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UNITED STATES
SECURITIES AND EXCHANGE COMMISSION
WASHINGTON, D.C. 20549
Form 10-Q
(MARK ONE)
QUARTERLY REPORT PURSUANT TO SECTION 13 OR 15(d) OF THE SECURITIES EXCHANGE ACT OF 1934
For the quarterly period ended March 31, 2023
TRANSITION REPORT PURSUANT TO SECTION 13 OR 15(d) OF THE SECURITIES EXCHANGE ACT OF 1934
For the transition period from              to               .
Commission File No. 001-35779
USA Compression Partners, LP
(Exact name of registrant as specified in its charter)
Delaware
(State or other jurisdiction of
incorporation or organization)
75-2771546
(I.R.S. Employer
Identification No.)
111 Congress Avenue, Suite 2400
Austin, Texas
(Address of principal executive offices)
78701
(Zip Code)
(512) 473-2662
(Registrant’s telephone number, including area code)
Securities registered pursuant to Section 12(b) of the Act:
Title of each classTrading Symbol(s)Name of each exchange on which registered
Common units representing limited partner interestsUSACNew York Stock Exchange
Indicate by check mark whether the registrant (1) has filed all reports required to be filed by Section 13 or 15(d) of the Securities Exchange Act of 1934 during the preceding 12 months (or for such shorter period that the registrant was required to file such reports), and (2) has been subject to such filing requirements for the past 90 days.  Yes ☒  No 
Indicate by check mark whether the registrant has submitted electronically every Interactive Data File required to be submitted pursuant to Rule 405 of Regulation S-T (§232.405 of this chapter) during the preceding 12 months (or for such shorter period that the registrant was required to submit such files).  Yes ☒  No 
Indicate by check mark whether the registrant is a large accelerated filer, an accelerated filer, a non-accelerated filer, a smaller reporting company, or an emerging growth company. See the definitions of “large accelerated filer,” “accelerated filer,” “smaller reporting company,” and “emerging growth company” in Rule 12b-2 of the Exchange Act.
Large accelerated filer
Accelerated filer ☐
Non-accelerated filer ☐
Smaller reporting company
Emerging growth company
If an emerging growth company, indicate by check mark if the registrant has elected not to use the extended transition period for complying with any new or revised financial accounting standards provided pursuant to Section 13(a) of the Exchange Act. ☐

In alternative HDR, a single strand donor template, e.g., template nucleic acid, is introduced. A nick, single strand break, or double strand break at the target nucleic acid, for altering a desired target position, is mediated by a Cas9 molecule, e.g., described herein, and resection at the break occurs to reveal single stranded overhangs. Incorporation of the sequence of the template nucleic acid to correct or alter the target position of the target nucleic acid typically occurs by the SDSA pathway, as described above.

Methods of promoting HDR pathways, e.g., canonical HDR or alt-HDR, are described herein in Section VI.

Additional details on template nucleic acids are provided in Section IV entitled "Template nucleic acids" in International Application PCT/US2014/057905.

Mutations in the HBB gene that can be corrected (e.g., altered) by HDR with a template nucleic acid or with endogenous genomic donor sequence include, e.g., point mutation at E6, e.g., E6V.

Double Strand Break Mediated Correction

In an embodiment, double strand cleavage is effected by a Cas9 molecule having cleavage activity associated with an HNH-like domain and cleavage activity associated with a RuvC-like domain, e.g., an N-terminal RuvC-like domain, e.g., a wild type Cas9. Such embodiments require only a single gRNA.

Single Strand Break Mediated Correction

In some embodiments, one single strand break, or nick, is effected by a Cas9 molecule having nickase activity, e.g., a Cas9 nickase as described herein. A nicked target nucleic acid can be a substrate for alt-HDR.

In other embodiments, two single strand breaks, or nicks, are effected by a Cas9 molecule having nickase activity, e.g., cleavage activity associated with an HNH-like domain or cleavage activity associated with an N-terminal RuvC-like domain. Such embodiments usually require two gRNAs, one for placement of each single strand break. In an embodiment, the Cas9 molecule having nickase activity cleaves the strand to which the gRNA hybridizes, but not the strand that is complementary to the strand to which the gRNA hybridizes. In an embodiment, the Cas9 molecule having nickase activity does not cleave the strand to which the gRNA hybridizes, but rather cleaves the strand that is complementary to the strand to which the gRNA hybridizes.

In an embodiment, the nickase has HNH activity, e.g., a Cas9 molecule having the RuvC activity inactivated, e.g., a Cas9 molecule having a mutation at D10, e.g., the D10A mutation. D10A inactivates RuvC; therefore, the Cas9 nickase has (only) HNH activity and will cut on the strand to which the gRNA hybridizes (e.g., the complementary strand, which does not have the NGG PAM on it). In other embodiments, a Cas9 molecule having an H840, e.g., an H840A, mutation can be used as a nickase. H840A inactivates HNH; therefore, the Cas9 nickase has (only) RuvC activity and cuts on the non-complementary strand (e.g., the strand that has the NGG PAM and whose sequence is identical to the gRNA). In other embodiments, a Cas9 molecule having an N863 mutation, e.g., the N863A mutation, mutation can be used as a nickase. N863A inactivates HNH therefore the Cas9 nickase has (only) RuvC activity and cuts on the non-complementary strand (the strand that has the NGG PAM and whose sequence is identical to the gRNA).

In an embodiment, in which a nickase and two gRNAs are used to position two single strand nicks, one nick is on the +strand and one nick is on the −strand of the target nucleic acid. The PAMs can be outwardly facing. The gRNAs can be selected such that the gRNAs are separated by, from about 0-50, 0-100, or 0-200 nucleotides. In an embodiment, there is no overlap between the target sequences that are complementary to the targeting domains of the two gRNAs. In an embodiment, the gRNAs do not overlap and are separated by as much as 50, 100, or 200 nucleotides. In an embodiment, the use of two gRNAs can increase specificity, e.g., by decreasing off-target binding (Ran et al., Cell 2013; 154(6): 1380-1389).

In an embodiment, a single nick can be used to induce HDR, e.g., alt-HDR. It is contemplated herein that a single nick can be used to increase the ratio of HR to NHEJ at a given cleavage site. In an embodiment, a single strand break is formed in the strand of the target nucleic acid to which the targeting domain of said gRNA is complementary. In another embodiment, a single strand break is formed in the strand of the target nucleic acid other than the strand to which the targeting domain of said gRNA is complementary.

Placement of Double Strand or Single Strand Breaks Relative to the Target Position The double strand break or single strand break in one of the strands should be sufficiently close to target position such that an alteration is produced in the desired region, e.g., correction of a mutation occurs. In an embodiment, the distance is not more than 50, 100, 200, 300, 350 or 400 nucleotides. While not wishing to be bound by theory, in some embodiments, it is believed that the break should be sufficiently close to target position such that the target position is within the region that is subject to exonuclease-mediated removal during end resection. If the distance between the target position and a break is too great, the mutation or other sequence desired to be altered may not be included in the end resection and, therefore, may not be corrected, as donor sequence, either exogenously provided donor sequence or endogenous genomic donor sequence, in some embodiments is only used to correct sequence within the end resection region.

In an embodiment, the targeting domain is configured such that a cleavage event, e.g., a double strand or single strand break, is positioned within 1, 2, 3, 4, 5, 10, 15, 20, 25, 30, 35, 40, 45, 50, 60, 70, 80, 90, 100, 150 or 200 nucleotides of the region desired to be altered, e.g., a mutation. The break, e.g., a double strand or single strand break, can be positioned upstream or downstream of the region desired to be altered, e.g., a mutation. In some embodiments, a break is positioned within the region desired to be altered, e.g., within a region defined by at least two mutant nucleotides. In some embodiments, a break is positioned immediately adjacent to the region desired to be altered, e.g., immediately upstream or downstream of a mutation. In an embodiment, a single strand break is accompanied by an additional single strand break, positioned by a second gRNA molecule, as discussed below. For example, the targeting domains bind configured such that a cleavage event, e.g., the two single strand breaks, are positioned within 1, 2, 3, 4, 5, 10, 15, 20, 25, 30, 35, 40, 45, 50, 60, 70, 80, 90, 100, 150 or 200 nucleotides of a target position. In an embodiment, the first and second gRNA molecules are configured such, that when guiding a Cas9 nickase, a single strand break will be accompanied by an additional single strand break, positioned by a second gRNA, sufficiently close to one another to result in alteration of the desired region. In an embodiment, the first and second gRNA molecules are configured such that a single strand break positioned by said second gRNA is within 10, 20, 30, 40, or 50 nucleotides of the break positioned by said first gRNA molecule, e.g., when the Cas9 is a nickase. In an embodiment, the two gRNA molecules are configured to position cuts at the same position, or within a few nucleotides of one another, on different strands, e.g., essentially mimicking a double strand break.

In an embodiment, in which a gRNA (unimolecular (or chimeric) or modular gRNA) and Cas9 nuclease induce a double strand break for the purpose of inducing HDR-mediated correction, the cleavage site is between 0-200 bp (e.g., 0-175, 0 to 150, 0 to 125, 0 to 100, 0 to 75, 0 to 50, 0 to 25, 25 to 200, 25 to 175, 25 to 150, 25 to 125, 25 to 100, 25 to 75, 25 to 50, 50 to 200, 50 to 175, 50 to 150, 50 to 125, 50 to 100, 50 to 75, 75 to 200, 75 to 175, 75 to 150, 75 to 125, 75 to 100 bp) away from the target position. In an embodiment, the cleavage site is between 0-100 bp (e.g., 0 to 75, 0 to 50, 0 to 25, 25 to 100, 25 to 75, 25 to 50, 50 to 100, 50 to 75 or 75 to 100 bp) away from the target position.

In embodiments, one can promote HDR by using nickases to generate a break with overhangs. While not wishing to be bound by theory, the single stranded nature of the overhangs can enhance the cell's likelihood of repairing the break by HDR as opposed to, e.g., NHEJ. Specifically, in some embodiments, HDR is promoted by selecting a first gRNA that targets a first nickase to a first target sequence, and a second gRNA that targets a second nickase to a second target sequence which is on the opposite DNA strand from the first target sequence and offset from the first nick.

Indicate by check mark whether the registrant is a shell company (as defined in Rule 12b-2 of the Exchange Act).  Yes   No ☒
As of April 27, 2023, there were 98,257,639 common units outstanding.



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GLOSSARY
The abbreviations, acronyms and industry terminology used in this Quarterly Report on Form 10-Q are defined as follows:
Credit AgreementSeventh Amended and Restated Credit Agreement, dated as of December 8, 2021, by and among USA Compression Partners, LP, as borrower, the guarantors party thereto from time to time, the lenders party thereto from time to time, as may be amended from time to time, and any predecessor thereto if the context so dictates
CPIConsumer Price Index for all Urban Consumers
DERsdistribution equivalent rights
DRIPdistribution reinvestment plan
Energy TransferEnergy Transfer LP
Exchange ActSecurities Exchange Act of 1934, as amended
GAAPgenerally accepted accounting principles of the United States of America
Preferred UnitsSeries A Preferred Units representing limited partner interests in USA Compression Partners, LP
SECUnited States Securities and Exchange Commission
Senior Notes 2026$725.0 million aggregate principal amount of senior notes due on April 1, 2026
Senior Notes 2027$750.0 million aggregate principal amount of senior notes due on September 1, 2027
SOFRSecured Overnight Financing Rate
U.S.United States of America

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PART I.  FINANCIAL INFORMATION
ITEM 1.    Financial Statements
USA COMPRESSION PARTNERS, LP
Unaudited Condensed Consolidated Balance Sheets
(in thousands)
March 31,
2023
December 31,
2022
Assets
Current assets:
Cash and cash equivalents$6 $35 
Accounts receivable, net of allowances for credit losses of $1,246 and $1,164, respectively
80,208 83,822 
Related-party receivables246 52 
Inventories96,346 93,754 
Prepaid expenses and other assets9,134 8,784 
Total current assets185,940 186,447 
Property and equipment, net2,174,487 2,172,924 
Lease right-of-use assets17,640 18,195 
Identifiable intangible assets, net267,687 275,032 
Other assets12,120 13,126 
Total assets$2,657,874 $2,665,724